The Master's course is structured in our Lehrstuhl on specific cases of study in urban contexts strongly conditioned by the memory of the place. This semester we will continue the investigation on the perceptive and atmospheric qualities of architecture initiated in the winter semester. The topic of study will be the transformation of the boundary between the city and the sea. Palermo is one of the cities with the richest and most complex culture in the Mediterranean, and a place in the midst of urban and social transformations: from capital of the Mafia still in 1980’s to Italian Capital of Culture 2018. In the center of the Mediterranean, place of migrants in history, the identity of the city is intimately connected to the sea, the coast. The great increase in tourism in recent years has been paradoxically parallel to the huge influx of migrants from North Africa on the Sicilian coast. These two opposed realities will suppose one of the main topics of the work of the semester. The concepts of limit and time become the underlying Leitmotiv of the projects based on the idea of a limit-less and a time-less space. As an essential part of the semester, we will make an excursion to Sicily, having the opportunity to experience the historical values and architectural needs of the city in relation to its coastline.
The recent edition of ‘Manifesta12’ in Palermo was an important cultural and artistic initiative which served as the starting point of our proposal to work on the relationship between the city and the coast. The students will develop their ideas and projects in different areas: in abandoned buildings, on unresolved edges between the sea and the urban structure. We propose three specific areas of Palermo in the limit between land and water:
-La Centrale / Castello a Mare
-Urban edges of the river Oreto
The projects will be divided into those three areas, each team will work on one of them, taking into consideration the concepts of “limit-less” and “lime-less”.
Every project carries within it the acknowledgment of the boundary as a concept, which determines its spatial and formal configuration. Whether the materialization of that limit should occur in a clear or blurred manner, with strength or gentleness, expressing transparency or opacity, is not a minor decision, because it reflects a specific stance when addressing the multiple discontinuities that contemporary cities face today. These discontinuities are juxtaposed in the strip of land where the urban structure of Palermo meets the water: between the sea and the city; the existing buildings and the new expansion. Working on the concept of no-limit implies recognizing the potential that architecture has to connect instead of divide. An architecture "without limits" means, in this sense, the possibility of connecting the existing urban and social discontinuities.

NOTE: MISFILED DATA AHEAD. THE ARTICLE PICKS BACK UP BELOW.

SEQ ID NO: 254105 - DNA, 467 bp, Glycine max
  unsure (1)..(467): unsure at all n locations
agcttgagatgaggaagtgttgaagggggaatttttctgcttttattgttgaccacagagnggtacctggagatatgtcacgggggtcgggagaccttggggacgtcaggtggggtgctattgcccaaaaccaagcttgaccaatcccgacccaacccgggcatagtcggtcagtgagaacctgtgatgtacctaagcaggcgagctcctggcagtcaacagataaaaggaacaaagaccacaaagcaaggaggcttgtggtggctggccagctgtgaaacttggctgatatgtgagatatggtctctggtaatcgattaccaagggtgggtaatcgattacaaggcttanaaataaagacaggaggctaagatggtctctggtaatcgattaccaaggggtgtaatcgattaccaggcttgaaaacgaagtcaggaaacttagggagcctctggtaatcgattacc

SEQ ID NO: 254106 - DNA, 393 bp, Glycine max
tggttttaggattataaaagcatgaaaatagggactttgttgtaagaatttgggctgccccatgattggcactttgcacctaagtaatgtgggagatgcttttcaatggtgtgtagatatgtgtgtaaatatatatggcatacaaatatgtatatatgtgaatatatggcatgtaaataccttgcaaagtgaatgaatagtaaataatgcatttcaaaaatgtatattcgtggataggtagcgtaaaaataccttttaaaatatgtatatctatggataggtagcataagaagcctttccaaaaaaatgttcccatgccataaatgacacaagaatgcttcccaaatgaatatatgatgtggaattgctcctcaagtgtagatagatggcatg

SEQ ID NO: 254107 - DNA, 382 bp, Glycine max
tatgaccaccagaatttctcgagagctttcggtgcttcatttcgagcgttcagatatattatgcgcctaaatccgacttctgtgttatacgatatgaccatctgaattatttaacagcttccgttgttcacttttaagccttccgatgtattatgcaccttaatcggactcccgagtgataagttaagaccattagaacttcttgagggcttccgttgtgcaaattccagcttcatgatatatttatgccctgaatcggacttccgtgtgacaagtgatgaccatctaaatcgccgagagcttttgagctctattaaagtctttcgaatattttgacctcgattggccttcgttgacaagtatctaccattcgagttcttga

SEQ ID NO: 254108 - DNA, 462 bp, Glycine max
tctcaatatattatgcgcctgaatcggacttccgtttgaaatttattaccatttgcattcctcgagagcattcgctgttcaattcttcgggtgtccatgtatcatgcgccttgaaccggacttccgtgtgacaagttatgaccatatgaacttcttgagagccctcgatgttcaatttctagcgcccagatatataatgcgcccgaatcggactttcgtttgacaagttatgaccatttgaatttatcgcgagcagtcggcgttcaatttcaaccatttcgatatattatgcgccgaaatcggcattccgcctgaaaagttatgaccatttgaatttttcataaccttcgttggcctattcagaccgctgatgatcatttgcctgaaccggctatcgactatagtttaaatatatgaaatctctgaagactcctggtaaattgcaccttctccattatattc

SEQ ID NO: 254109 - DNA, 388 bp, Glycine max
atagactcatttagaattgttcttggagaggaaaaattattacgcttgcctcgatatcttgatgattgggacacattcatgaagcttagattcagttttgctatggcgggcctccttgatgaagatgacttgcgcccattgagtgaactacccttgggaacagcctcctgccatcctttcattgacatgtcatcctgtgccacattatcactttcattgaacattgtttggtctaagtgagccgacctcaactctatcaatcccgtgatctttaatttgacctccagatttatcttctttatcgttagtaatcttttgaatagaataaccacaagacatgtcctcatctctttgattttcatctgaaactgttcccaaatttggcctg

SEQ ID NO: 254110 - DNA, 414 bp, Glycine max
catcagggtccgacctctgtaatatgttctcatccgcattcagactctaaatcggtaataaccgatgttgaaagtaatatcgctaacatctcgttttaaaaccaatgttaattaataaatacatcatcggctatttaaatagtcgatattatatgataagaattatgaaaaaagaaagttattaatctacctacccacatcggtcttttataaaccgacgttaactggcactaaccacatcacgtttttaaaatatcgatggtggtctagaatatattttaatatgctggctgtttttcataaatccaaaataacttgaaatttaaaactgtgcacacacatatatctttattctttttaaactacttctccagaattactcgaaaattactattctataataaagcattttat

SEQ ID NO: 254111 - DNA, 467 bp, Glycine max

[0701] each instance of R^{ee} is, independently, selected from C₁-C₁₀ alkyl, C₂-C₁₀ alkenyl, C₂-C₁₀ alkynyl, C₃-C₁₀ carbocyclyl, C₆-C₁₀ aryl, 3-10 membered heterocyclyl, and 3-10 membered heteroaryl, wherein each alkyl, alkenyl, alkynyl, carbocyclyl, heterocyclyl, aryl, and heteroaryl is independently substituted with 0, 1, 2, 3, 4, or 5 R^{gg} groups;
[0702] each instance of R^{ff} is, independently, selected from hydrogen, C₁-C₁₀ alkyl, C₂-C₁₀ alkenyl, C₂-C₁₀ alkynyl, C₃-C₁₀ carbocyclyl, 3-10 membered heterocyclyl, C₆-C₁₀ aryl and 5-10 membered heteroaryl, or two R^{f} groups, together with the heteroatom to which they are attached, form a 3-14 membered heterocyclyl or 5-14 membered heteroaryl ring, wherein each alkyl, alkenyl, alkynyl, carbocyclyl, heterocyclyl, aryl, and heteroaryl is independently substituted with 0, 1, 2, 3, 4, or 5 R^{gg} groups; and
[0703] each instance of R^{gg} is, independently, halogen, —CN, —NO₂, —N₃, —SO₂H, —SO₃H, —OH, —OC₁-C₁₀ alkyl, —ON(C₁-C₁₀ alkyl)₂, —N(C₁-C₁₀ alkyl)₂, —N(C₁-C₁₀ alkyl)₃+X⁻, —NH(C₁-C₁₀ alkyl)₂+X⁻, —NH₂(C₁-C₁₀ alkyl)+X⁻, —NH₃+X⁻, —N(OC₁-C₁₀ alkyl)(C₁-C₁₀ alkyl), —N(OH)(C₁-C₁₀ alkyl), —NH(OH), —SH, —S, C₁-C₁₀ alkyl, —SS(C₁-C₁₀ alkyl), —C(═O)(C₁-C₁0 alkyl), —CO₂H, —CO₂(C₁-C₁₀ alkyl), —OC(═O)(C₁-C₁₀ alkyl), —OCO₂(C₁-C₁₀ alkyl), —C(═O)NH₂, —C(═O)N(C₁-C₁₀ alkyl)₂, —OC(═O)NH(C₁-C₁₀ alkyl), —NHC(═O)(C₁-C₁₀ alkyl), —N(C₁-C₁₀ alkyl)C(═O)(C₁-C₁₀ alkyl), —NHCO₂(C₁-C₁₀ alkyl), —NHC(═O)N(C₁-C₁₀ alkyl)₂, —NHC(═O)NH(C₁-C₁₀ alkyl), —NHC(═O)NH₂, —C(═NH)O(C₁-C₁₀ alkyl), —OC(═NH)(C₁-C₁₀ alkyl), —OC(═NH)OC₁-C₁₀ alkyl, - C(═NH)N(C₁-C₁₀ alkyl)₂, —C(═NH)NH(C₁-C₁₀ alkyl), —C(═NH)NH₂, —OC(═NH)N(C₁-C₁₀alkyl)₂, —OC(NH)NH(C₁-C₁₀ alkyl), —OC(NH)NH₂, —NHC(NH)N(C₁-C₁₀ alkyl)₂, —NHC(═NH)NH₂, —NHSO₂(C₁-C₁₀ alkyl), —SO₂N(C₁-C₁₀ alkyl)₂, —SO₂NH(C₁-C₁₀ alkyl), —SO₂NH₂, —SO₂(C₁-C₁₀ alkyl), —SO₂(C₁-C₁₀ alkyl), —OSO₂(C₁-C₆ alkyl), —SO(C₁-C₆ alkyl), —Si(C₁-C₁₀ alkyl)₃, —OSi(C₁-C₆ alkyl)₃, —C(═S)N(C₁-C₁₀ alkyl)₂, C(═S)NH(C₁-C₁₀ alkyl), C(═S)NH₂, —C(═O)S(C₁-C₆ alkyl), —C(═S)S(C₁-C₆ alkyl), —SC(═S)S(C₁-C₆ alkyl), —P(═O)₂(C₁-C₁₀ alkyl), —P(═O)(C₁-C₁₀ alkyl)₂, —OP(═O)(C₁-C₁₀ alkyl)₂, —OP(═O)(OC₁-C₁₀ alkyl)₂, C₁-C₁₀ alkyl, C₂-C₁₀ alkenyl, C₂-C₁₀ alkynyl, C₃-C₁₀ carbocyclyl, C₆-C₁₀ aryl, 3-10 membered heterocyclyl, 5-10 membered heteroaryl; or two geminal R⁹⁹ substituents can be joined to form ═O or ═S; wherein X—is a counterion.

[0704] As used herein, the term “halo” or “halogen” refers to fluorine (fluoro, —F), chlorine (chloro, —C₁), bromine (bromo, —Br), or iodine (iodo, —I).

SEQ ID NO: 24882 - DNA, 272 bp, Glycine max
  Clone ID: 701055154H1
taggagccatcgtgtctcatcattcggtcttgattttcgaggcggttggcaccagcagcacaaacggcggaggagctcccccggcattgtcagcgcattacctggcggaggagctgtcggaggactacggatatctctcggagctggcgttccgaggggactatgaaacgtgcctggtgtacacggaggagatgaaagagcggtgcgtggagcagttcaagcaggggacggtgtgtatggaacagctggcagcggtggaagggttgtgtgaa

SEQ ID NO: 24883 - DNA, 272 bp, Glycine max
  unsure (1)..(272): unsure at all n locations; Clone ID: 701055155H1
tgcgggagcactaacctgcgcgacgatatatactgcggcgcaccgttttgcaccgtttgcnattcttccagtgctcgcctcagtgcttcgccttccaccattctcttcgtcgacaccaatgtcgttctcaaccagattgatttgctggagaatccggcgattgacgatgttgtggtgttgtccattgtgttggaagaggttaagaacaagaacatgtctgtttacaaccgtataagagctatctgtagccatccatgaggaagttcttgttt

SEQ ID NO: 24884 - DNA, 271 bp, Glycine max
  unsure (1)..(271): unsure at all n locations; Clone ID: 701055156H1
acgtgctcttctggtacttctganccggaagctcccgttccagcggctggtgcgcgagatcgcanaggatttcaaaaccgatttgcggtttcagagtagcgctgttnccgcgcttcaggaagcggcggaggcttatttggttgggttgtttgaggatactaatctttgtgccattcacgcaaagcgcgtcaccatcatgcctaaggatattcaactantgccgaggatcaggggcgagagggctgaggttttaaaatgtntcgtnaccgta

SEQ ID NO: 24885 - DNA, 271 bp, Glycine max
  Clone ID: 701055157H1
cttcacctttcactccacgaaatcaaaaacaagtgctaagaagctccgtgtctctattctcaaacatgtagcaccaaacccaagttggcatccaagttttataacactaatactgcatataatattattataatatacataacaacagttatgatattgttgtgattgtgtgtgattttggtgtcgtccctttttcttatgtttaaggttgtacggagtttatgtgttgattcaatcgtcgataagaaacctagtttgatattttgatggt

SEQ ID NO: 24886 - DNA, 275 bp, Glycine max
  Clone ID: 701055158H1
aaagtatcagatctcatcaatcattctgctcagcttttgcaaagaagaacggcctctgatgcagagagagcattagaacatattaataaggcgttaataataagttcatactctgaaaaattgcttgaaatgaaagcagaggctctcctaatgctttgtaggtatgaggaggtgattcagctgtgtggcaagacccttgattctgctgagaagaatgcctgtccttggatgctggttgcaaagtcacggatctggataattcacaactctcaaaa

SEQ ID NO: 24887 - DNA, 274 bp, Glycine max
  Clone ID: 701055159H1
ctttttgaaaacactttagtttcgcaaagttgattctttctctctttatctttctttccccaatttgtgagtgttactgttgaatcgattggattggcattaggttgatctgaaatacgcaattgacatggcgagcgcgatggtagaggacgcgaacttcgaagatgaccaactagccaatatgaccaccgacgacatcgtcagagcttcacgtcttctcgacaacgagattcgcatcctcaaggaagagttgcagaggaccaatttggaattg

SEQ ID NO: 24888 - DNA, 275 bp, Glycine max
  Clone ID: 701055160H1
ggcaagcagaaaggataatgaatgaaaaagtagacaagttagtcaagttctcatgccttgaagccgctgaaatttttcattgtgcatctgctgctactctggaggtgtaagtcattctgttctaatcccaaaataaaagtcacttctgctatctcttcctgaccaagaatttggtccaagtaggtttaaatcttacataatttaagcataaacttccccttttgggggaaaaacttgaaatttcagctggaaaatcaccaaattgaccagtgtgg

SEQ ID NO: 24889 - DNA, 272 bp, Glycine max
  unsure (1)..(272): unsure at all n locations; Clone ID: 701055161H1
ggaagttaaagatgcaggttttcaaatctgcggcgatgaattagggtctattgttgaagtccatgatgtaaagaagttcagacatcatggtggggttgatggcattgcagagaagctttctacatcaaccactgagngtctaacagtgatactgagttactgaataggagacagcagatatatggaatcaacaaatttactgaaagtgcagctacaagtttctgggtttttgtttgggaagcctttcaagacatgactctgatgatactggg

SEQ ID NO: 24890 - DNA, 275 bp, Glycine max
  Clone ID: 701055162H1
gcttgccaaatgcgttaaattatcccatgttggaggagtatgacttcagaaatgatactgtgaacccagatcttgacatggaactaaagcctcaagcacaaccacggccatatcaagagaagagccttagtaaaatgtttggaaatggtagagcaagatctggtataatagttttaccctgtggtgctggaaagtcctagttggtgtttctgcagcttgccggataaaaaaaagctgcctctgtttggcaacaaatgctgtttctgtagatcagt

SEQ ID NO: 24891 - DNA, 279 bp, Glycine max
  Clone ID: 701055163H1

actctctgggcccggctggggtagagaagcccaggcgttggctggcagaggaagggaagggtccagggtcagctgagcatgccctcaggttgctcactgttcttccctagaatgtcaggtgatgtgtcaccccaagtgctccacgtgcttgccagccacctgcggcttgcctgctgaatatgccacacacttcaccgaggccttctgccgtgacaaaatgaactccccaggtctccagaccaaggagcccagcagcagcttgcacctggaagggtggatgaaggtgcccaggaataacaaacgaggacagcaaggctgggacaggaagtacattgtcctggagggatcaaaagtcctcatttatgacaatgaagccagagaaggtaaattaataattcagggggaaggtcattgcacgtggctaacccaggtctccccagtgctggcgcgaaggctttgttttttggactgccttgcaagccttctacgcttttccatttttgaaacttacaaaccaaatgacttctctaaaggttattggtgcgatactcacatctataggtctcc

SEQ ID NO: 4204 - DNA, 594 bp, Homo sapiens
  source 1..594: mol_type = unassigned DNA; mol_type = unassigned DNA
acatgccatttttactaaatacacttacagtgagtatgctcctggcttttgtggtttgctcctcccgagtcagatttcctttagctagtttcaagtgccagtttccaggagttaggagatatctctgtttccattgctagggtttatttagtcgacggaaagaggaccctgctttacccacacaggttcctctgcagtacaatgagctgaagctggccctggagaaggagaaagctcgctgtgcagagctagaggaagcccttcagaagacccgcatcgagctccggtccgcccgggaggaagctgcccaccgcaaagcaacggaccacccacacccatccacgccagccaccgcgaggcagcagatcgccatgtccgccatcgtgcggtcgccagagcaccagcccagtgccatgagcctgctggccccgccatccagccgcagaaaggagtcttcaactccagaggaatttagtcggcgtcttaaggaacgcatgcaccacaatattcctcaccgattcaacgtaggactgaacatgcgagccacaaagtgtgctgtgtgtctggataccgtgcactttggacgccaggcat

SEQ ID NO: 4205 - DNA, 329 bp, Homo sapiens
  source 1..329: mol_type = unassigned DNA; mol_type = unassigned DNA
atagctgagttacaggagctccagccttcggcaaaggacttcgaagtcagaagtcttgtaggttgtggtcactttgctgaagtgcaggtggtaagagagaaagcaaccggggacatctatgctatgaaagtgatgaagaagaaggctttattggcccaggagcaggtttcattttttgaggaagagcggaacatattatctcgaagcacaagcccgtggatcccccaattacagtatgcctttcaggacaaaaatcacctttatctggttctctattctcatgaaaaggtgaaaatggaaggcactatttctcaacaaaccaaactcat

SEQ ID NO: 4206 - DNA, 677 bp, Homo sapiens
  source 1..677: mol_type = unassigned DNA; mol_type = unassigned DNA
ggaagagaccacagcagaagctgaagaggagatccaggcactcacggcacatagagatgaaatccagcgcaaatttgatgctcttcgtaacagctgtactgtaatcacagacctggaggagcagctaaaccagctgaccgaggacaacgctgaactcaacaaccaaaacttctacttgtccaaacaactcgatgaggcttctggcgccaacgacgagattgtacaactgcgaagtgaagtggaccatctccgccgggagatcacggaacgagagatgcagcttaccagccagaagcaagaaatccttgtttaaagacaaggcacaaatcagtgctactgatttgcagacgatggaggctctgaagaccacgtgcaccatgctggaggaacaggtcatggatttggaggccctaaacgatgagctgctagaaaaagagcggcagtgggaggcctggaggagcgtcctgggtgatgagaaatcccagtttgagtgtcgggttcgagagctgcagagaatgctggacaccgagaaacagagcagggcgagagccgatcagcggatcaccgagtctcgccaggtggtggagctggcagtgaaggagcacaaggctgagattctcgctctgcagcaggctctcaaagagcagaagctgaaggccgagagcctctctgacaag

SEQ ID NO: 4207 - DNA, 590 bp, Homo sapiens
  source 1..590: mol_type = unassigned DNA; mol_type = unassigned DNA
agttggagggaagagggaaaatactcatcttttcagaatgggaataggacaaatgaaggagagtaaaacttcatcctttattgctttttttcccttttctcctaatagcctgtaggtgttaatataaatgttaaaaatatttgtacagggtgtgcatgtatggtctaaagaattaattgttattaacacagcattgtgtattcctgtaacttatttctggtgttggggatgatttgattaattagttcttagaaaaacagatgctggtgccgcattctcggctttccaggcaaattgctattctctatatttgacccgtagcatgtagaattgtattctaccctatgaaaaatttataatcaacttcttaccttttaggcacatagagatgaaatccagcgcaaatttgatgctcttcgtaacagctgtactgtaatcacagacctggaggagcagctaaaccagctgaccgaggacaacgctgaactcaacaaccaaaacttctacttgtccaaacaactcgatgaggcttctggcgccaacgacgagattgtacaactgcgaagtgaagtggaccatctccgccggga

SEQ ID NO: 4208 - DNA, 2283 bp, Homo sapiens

Architectural interventions in historical areas share a common factor: the relationship between architecture and time. When facing the transformation of a city like Palermo, we become aware of the temporality and the historical past. The main difficulty lies in determining the degree to which a new project—temporary in the sense that it addresses current functional and social needs—blends into a historical time that houses the memory of multiple previous transformations. We will work on the concept of “timelessness” as a means of connecting the multiple temporal layers that, like a palimpsest, structure the city of Palermo.
The programmatic functions, areas and proportion of interior and exterior spaces will be discussed in the class so that they form part of the debate of ideas that is intended. Only as a reference, the following uses are suggested:
-Temporary facilities for the reception of migrants
-Facilities for public activities, performances, sports, open space public events.
-Recovery of industrial buildings and historical ruins for cultural, social, educational uses.
-Public spaces for the inhabitants of the surrounding areas -Affordable housing units